House socialists and field socialists

By BRUCE LESNICK

I wholeheartedly support the populist programs that Bernie Sanders advocates—from single-payer health care, to free college tuition, to taxing the rich and more. But borrowing from Malcolm X [see excerpt below], Bernie is a house socialist and I’m a field socialist.

Bernie doesn’t want to replace or overthrow capitalism. Like all house socialists, he thinks capitalism can be fixed or tamed with reforms. By contrast, we field socialists understand that the essence of capitalism—private ownership of major industry, resources, banks, and the exploitation of labor by appropriating surplus value (profit)—is antithetical to democracy.

In fact, for all of Bernie’s talk about “democratic socialism,” he and other house socialists turn a blind eye to the lack of economic democracy that is the very hallmark of the capitalist system. Because Bernie is in favor of tweaking capitalism but opposed to dismantling it, he ignores the systemic lack of democracy in the workplace and the economy—the very aspects that most affects people’s lives.

Bernie rightly denounces the unequal distribution of wealth, where the top 1% owns more than the rest combined. But like all house socialists, Bernie fails to identify important institutions as being controlled by and serving the interests of the 1%. Congress, the Democratic and Republican parties, the national media, the police and the military are all captives of the 1%.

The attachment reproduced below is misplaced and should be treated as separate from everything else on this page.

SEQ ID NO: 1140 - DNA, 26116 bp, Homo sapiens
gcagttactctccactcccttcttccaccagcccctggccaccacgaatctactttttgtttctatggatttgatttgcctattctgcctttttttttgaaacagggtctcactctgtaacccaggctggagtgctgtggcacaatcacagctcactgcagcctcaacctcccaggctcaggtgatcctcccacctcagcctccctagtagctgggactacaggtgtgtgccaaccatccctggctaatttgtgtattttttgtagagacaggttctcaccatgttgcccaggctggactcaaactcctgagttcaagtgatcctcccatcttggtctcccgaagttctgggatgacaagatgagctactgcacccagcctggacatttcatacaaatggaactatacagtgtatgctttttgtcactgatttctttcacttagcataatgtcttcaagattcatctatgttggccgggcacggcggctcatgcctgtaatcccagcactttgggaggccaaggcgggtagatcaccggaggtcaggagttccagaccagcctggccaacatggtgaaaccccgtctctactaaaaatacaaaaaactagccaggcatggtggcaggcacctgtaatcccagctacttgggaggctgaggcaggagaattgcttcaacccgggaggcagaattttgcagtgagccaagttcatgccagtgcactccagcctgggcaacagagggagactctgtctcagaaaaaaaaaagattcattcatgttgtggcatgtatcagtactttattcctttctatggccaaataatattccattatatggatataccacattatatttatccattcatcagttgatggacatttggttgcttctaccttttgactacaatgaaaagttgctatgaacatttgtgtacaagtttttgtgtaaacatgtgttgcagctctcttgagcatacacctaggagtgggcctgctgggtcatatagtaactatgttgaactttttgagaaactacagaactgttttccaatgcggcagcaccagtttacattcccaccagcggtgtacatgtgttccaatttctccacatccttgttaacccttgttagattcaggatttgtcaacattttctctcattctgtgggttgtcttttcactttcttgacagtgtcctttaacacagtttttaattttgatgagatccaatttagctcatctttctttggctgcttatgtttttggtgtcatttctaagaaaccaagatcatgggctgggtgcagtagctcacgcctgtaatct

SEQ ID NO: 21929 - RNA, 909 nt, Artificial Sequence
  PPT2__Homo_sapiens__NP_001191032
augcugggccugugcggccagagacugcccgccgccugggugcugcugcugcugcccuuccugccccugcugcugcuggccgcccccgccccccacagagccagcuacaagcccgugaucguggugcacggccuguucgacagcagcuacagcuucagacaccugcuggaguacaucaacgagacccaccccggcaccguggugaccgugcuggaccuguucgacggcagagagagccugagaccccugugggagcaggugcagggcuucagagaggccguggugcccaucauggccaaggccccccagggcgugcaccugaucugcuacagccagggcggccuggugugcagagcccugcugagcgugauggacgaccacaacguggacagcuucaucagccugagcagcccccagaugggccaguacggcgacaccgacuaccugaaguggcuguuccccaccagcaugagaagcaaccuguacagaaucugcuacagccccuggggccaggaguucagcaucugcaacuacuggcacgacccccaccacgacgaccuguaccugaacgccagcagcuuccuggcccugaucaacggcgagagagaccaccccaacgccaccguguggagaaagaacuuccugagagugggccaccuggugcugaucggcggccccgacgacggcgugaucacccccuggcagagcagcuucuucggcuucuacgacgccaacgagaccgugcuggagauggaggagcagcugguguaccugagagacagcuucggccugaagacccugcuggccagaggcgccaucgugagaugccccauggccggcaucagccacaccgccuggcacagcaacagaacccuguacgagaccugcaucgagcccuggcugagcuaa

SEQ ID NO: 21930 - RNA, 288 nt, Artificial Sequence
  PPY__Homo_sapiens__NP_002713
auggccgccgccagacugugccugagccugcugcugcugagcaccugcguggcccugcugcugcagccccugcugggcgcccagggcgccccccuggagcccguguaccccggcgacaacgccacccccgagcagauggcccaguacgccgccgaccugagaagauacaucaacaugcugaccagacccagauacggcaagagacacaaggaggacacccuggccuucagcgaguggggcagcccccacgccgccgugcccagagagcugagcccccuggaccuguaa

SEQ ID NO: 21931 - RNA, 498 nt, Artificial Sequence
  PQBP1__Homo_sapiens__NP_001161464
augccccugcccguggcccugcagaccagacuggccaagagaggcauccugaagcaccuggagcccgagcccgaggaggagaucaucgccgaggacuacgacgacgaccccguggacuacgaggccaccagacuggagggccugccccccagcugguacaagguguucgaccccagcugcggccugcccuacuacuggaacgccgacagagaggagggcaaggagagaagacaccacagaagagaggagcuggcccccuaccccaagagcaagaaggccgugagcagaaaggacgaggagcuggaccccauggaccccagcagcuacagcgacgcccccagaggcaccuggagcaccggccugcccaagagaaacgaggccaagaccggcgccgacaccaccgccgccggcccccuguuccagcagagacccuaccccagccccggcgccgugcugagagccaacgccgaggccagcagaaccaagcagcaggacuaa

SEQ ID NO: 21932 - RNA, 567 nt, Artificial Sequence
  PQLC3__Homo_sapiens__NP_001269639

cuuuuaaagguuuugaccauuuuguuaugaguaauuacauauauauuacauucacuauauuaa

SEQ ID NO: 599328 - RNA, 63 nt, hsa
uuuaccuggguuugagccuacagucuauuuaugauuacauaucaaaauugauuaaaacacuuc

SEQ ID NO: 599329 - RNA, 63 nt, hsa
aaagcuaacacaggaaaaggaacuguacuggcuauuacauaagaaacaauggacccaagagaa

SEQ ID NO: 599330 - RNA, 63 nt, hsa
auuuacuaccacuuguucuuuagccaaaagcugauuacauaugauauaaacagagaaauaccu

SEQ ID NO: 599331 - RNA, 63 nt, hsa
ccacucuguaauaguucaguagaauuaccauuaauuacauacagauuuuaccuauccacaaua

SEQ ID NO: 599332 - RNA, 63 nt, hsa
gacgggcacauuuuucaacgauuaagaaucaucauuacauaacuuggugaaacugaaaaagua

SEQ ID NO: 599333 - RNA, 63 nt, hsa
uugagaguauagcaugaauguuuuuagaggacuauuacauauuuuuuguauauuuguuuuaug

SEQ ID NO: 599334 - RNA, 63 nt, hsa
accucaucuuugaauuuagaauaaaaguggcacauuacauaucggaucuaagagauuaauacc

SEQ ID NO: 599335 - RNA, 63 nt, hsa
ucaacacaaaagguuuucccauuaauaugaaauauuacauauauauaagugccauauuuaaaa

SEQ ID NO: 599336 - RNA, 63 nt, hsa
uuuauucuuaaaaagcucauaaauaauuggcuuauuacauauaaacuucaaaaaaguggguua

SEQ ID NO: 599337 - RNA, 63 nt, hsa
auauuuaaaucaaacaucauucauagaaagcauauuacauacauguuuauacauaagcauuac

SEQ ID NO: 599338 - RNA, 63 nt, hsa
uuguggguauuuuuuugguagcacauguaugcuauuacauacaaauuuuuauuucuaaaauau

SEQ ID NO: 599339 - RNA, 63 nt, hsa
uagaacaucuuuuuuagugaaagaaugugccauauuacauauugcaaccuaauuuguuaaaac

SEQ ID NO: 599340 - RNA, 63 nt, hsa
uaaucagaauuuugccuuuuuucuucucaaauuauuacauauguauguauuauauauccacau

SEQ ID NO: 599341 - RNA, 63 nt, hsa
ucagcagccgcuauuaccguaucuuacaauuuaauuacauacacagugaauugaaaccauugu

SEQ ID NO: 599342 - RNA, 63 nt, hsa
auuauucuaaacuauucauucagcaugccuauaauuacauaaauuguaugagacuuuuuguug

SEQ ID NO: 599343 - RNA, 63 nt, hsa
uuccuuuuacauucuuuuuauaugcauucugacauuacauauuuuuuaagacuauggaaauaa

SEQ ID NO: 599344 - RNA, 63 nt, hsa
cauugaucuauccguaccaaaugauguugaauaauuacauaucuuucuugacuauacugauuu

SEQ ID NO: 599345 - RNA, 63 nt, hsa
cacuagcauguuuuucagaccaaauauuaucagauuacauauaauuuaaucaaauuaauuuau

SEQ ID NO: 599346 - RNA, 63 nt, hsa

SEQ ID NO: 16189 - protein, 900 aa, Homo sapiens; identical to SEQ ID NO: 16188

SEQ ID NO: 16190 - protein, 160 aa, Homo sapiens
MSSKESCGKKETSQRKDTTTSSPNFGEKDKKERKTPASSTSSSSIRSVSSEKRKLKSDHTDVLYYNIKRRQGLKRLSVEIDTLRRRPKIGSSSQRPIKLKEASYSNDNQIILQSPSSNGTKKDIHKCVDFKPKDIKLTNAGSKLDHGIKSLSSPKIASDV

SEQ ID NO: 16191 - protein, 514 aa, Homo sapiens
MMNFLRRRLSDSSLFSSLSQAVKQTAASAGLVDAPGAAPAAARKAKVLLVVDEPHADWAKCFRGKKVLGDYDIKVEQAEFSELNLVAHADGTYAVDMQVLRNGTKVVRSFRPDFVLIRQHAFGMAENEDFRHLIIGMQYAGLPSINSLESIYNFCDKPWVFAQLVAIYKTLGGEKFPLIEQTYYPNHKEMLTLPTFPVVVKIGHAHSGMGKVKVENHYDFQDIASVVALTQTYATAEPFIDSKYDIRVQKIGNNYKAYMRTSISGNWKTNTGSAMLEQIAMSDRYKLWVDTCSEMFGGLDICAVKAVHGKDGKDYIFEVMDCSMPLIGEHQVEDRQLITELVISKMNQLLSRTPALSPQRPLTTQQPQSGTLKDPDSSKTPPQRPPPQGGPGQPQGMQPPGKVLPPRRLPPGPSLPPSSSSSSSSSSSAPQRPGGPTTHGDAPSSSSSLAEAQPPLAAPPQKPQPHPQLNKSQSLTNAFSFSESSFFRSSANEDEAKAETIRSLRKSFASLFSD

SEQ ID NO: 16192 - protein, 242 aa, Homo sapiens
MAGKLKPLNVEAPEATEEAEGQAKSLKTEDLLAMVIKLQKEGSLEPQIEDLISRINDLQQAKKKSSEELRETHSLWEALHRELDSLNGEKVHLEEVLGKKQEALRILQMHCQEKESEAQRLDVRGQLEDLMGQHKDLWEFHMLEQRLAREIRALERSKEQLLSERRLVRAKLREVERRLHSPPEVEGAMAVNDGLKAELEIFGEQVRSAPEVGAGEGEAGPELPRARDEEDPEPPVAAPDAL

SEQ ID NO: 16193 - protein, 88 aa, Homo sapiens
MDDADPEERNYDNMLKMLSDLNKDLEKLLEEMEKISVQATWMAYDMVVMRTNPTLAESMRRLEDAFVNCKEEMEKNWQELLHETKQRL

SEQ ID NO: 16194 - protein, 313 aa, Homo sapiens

In a class-divided society, all important institutions are wielded as tools of the dominant class. Field socialists understand that these institutions answer only to the needs of the 1%, even though much effort is made by official propagandists to convince us that they serve us all. Bernie and other house socialists aid the 1% in the criminal charade of pretending that government institutions, the police and the military exist and operate independent of the class divisions in our society.

This is why it’s no surprise that Bernie and other like-minded house socialists are military hawks. They see the U.S. army as “our” army rather than a weapon of the 1%. This is why Bernie has voted for nearly every war appropriations bill. This is why Bernie supports drones and U.S. military involvement in the Middle East; why he supported military action in Afghanistan, Libya, Yemen and elsewhere.

This is why Bernie supported sanctions against Iraq in the 1990s that caused the deaths of more than half a million children and he supported U.S. military action in Kosovo in 1999. This is why Bernie refuses to denounce the illegal Israeli occupation of Palestine but supports billions in military aid for Israel, Saudi Arabia, and other brutal U.S. client states that serve to extend the reach and protect the interests of the 1% overseas.

Field socialists oppose imperial war-making, understanding that the individuals and institutions of the 1% that exploit us here at home cannot be trusted to defend our interests abroad. In contrast to the hawkish house socialists, field socialists demand: “All US Troops Out Now!”  “Dismantle All US Military Bases Abroad!” “Not One Bomb, Not One Bullet for the Wars of the One Percent!” “Money for Jobs, Not for War!” (For a complete field socialist election platform, see here.)

Because house socialists like Bernie limit their critique to reforms of the existing system, they are unable to propose concrete, workable solutions for the big problems we face. Take climate change, for example. Sure, house socialists say we must do more. But they emphasize tweaking economic incentives in the hope of persuading energy monopolies to change their behavior.

House socialists support keeping the energy industry in the hands of private, profit-mad corporations. But gentle persuasion hasn’t changed corporate behavior up to now and we shouldn’t expect it to succeed in the future. As long as there are profits to be made by disregarding rules and incentives, corporations will do so. No incentives and no amount of persuasion can induce a leopard to change its spots; you have to replace the leopard. (For a field socialist analysis of climate change and the energy monopolies, see here.)